Then Jenkins went inside to get his .38. (Ohhhhhh, that's really never good.)
Of course (say it with me) Jenkin had outstanding warrants, and he was on parole, and it all added up to a really bad set of decisions on Stewart's part (allegedly). Oh, and a search of his house turned up a whole shitload of crack. Allegedly.
(P.S. Should Mr. Jenkins ever read this in prison, let me just say that I think he got a totally raw deal, and it was a set-up and this cop had it in for him. It's really unfair the way The Man sticks it to a guy just out trying to find out what's up.)
You'll love this:
So back on the 19th, I posted the following:
Then I went to CompUSA. I had ordered a cell battery at CompUSA.com and they sent me the wrong one, so I headed over there to swap it. The disaffected girl at the counter told me with a shrug, "If you order online you can't exchange it at the store, you hafta email them or whatever." No, "I'm sorry" or anything like that. Then she sneezed on me.
That same day, the 19th, I emailed CompUSA to ask them what to do (or whatever). Eight days later, the 27th, I emailed them to ask why I'd heard nothing and got the following reply:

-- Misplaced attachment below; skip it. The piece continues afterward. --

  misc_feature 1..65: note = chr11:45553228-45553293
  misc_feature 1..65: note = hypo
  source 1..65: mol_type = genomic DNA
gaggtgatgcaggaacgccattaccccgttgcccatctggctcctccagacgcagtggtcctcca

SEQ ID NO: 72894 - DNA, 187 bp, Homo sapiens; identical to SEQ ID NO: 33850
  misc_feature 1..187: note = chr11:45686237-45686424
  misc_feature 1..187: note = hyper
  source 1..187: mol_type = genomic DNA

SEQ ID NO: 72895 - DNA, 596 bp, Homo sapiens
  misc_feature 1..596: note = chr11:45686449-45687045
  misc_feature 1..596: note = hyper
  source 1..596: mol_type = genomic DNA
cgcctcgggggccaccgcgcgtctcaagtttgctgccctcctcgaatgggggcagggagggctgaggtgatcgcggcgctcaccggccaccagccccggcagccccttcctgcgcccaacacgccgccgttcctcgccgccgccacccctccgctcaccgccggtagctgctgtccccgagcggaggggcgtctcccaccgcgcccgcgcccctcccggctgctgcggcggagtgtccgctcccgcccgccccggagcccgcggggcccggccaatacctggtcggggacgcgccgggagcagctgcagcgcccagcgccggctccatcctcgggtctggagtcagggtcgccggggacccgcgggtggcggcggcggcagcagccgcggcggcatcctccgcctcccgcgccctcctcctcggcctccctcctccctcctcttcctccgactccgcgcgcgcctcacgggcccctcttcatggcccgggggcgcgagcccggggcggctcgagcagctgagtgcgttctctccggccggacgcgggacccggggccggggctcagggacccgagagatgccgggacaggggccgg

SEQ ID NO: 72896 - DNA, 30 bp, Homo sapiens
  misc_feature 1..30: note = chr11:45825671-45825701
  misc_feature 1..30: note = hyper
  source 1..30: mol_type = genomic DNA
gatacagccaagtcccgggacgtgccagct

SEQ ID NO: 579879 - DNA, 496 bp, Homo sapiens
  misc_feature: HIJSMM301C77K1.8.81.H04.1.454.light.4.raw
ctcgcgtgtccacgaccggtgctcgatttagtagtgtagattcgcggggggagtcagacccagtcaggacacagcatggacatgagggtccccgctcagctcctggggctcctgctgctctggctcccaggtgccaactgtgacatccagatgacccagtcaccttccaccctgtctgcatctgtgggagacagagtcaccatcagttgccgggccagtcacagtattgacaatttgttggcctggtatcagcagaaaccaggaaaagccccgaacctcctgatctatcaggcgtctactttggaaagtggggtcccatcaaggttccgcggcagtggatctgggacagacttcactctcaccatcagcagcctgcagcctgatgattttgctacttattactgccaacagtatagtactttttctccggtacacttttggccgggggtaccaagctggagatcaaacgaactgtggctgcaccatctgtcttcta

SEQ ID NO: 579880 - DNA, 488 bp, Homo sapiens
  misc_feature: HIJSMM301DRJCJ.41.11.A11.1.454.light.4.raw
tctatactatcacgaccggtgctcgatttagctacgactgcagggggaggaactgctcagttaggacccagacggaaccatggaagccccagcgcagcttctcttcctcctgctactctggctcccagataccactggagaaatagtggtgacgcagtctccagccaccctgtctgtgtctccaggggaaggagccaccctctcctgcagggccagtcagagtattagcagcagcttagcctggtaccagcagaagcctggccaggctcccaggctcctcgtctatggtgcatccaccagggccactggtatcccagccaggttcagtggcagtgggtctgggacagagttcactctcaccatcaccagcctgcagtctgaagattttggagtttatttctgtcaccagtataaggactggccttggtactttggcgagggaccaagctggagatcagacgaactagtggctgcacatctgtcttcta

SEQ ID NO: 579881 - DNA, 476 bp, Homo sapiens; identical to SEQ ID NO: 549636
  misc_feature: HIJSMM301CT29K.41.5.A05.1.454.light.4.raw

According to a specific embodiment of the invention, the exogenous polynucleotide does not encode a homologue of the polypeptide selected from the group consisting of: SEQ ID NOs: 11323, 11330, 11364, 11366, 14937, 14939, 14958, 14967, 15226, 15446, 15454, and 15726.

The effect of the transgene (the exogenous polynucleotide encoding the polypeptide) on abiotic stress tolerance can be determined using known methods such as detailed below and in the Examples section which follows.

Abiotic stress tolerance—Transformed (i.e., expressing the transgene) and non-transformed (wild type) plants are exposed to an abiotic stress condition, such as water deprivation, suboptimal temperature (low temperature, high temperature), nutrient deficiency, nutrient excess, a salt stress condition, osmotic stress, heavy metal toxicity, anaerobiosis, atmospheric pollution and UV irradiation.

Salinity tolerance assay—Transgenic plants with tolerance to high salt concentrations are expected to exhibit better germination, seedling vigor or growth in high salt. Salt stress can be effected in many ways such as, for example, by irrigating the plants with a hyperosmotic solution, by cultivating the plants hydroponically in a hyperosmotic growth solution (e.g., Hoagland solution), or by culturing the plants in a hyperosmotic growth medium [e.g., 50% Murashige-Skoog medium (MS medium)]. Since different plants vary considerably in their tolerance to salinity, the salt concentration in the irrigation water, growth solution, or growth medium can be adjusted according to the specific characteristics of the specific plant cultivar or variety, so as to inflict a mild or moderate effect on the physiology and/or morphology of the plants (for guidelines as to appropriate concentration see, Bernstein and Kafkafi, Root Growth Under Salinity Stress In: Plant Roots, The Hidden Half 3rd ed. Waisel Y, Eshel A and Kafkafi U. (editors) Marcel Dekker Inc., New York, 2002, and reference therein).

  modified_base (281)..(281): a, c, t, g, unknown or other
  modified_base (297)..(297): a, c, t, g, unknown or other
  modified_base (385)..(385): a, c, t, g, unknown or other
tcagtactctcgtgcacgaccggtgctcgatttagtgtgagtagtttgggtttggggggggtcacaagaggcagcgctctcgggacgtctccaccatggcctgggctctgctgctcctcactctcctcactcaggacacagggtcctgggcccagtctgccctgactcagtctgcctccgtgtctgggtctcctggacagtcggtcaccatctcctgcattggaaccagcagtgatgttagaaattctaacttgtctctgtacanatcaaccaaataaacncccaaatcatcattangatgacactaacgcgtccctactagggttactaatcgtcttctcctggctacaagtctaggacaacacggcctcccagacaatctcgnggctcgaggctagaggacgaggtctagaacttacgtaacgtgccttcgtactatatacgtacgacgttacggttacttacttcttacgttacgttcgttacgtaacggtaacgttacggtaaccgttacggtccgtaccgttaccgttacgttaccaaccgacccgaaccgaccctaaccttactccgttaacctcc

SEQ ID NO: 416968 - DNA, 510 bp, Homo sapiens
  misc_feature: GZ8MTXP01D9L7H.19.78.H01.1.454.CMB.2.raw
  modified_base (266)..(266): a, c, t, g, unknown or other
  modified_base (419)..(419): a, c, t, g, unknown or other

RMA was issed on 11/21/2005 9:02:50 AM to this email address
CompUSA Customer Service
And no, your eyes don't deceive you. That is "issed"... as in a cross between the way the RMA was "issued" and the way I was "dissed" by this "fuck you" of a reply.
So I, more than a little irked, wrote back:
Um, so.... Can we assume I didn't get it? What, do you think I got the RMA and then decided to wait a few days and send another request for it because I'm a liar and this is so much fun?
Can you resend it?
Or if that's too much trouble can you point me to an URL where I can access it online?
Can you give me some guidance as to where or how to return the item you mistakenly shipped me?
What the hell is going on?
As you can see, I had decided to throw society's shackles of politesse aside, in hopes of freeing up our discourse sufficiently to get a friggin' RMA out of this yokel. Or maybe, I thought, I'd be pegged as a "problem customer" and I'd be kicked upstairs... to a person who'd see this exchange for what it was: a failure on CompUSA's part. He'd run down the hall, printout in hand, seeking to remedy this customer service shortfall ASAP, I imagined.
Was it to be?
Today I got this email: